Adrienne Lavine is the Associate Vice Provost, Center for the Advancement of Teaching, and a faculty member in Mechanical and Aerospace Engineering. She received her Ph.D. from UC Berkeley and her B.S. from Brown University, both in Mechanical Engineering. She has served as Chair of the Academic Senate and as Chair of her department. She was the Director of Education and Outreach for the NSF-sponsored Center for Scalable and Integrated Nano-Manufacturing, directed the Clare Boothe Luce Undergraduate Scholars Program, and chaired the SEAS ABET Accreditation Committee in 2002-2006. She was awarded the Henry and Susan Samueli Teaching Award in her department and is the co-author of an internationally respected heat transfer textbook. Professor Lavine is a Fellow of the American Society of Mechanical Engineers (ASME), received the Taylor Medal of CIRP (the International Academy for Production Engineering) and the NSF’s Presidential Young Investigator Award, and was Associate Editor of both the ASME Journal of Heat Transfer and the ASME Journal of Engineering for Industry. Her research addresses various aspects of heat transfer, including solar thermal energy storage, thermal energy harvesting, thermal aspects of manufacturing processes, and thermomechanical behavior of shape memory alloys.
Dr. Kumiko Haas works with individual faculty and oversees the development and implementation of programs, services and activities across all UCLA schools and colleges in support of innovative instructional improvement. She develops and teaches intensive training programs, workshops, and seminars on issues of pedagogy, course design, and instructional methods for new and experienced instructors. Her current responsibilities include development and implementation of faculty engagement programs and teaching assistant training program. These include the New Faculty Teaching Engagement (NFTE), the Collegium of University Teaching Fellows Program (CUTF), TA Training Program (TATP), and Test of Oral Proficiency (TOP) and oversight of the Instructional Improvement Grant Programs (IIP Grants). She also oversees the UCLA Community Based Learning Programs.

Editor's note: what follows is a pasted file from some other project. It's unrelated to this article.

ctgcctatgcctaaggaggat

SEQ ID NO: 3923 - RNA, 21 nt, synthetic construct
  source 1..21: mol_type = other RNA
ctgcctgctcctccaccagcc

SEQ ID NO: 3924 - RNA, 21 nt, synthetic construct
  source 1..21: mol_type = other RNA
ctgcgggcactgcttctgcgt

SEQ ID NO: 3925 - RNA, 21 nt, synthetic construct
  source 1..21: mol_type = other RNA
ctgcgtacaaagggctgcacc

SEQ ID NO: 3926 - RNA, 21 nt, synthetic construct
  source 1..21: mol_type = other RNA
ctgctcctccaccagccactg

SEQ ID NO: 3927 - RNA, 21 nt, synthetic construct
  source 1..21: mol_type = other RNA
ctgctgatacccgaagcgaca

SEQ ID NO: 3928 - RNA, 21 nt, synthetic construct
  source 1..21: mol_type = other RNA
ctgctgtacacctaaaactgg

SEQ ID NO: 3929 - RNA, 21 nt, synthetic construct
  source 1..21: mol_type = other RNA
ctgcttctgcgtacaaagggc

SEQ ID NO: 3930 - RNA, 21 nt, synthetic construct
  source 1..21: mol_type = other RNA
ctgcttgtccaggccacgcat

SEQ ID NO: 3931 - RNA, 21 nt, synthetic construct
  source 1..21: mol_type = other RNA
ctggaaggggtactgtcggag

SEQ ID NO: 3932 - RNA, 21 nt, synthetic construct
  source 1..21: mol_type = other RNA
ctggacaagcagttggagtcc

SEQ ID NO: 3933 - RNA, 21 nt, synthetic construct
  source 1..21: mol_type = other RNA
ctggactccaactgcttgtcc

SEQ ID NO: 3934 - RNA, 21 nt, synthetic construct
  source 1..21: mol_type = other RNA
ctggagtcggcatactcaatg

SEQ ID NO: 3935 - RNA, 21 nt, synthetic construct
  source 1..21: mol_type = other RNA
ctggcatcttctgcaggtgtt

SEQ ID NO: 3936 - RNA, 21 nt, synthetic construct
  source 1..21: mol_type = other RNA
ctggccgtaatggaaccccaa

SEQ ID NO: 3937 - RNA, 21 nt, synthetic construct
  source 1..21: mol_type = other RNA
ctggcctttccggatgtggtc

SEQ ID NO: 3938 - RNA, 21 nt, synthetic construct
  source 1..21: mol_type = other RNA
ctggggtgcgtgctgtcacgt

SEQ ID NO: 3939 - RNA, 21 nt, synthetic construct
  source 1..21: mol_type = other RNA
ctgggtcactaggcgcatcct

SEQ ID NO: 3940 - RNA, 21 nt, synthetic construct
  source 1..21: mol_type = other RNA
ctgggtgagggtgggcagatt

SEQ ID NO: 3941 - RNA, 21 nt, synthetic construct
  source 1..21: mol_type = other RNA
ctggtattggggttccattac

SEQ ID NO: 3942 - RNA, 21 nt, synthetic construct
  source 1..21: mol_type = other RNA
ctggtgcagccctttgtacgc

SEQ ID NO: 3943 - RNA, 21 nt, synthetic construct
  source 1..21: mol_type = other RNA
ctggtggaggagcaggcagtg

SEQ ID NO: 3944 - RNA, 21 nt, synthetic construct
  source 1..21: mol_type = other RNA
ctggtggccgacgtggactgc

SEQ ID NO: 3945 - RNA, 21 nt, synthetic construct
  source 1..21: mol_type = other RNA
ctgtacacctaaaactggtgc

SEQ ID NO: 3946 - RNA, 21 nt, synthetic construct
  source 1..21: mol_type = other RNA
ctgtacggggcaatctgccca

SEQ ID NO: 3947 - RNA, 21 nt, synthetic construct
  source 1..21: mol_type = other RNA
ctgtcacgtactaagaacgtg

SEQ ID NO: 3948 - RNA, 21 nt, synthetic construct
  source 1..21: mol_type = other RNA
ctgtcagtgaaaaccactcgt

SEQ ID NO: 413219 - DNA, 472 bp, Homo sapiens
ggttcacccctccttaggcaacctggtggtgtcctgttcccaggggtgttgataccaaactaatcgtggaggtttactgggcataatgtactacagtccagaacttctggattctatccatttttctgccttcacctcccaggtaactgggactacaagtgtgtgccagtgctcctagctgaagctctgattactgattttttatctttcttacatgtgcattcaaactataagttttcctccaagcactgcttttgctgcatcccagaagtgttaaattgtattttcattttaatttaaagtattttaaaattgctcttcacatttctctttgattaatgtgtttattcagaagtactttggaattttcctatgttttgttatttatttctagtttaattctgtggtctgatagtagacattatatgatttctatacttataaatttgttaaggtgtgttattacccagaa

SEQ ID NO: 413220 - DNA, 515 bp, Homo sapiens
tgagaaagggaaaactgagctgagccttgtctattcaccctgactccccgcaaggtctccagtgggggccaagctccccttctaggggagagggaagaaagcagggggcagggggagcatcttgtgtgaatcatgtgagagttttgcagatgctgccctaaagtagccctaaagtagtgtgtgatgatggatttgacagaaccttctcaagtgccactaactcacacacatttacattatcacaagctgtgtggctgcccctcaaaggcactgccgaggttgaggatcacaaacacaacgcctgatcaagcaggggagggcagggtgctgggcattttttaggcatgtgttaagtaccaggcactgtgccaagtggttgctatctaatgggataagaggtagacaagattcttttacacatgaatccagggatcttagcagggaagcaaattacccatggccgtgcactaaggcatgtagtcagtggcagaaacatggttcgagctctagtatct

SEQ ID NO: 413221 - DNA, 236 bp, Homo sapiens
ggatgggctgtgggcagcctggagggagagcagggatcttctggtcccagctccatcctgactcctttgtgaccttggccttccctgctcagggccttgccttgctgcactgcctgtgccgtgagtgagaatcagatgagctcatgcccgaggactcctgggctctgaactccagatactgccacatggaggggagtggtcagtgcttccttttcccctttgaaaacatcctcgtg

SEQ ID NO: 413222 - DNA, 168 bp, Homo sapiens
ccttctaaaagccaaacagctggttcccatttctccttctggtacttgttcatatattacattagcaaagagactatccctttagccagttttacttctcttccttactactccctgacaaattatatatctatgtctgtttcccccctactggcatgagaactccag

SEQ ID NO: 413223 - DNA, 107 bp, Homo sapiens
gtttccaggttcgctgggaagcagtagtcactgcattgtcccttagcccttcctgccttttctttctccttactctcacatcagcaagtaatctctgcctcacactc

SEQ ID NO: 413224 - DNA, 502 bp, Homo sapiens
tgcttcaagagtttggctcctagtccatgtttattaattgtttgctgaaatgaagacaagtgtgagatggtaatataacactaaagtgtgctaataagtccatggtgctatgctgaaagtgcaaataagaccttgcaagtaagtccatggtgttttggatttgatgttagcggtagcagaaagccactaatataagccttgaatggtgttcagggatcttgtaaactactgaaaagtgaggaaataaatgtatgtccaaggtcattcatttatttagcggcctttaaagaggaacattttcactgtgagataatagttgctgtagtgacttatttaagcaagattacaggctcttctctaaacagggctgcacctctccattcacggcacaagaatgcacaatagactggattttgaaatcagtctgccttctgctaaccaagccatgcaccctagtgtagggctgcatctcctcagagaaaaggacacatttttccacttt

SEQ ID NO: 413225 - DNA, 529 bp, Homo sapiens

Dr. Haas received her Bachelor of Arts degree from the International Christian University in Tokyo, and earned an M.A. and Ph.D. in Psychology from UC Berkeley. Her doctoral work at UC Berkeley and post-doctoral work at California State University, Los Angeles examined cultural and familial influences on student motivation, learning and academic success. Her expertise is in curriculum development, pedagogy, student learning, as well as student mentoring and advising.
Dr. Marc Levis-Fitzgerald heads the Center for Educational Assessment, staffed by researchers with backgrounds in Education, Sociology, Psychology, and Chemistry. He received his Ph.D. in Higher Education at UCLA and has spent 4 years staffing the newly formed Undergraduate Council in the UCLA Academic Senate. His research interests include curriculum reform and evaluation, student and faculty development, and institutional transformation. He is particularly interested in documenting the experience of undergraduate and graduate students, and directs the development and implementation of the UCLA Senior Survey. He heads several assessment projects funded by the California Education Learning Lab, HHMI, Mellon, NIH, NSF, and TEAGLE as well as several internal grants. Several grants involve multiple institutions. In addition, he leads program review efforts related to the Transfer Alliance Program, a partnership between UCLA and community colleges in California. His recent work with large data sets and increased expertise in learning analytics are responding to the latest campus calls for more contextual, comprehensive, and long-term data, integrated and readily available from multiple sources. In responding to this call, Marc’s work is primed to evolve with the needs of research collaborators, increasing his capacity to measure and improve student outcomes. Of significant interest to Marc are those faculty, students, and staff who are traditionally overlooked and historically excluded. Understanding the barriers facing all groups—women, underrepresented groups, transfer students, LGBTQ, seniors—in all academic disciplines has been and continues to be a top priority in his work.
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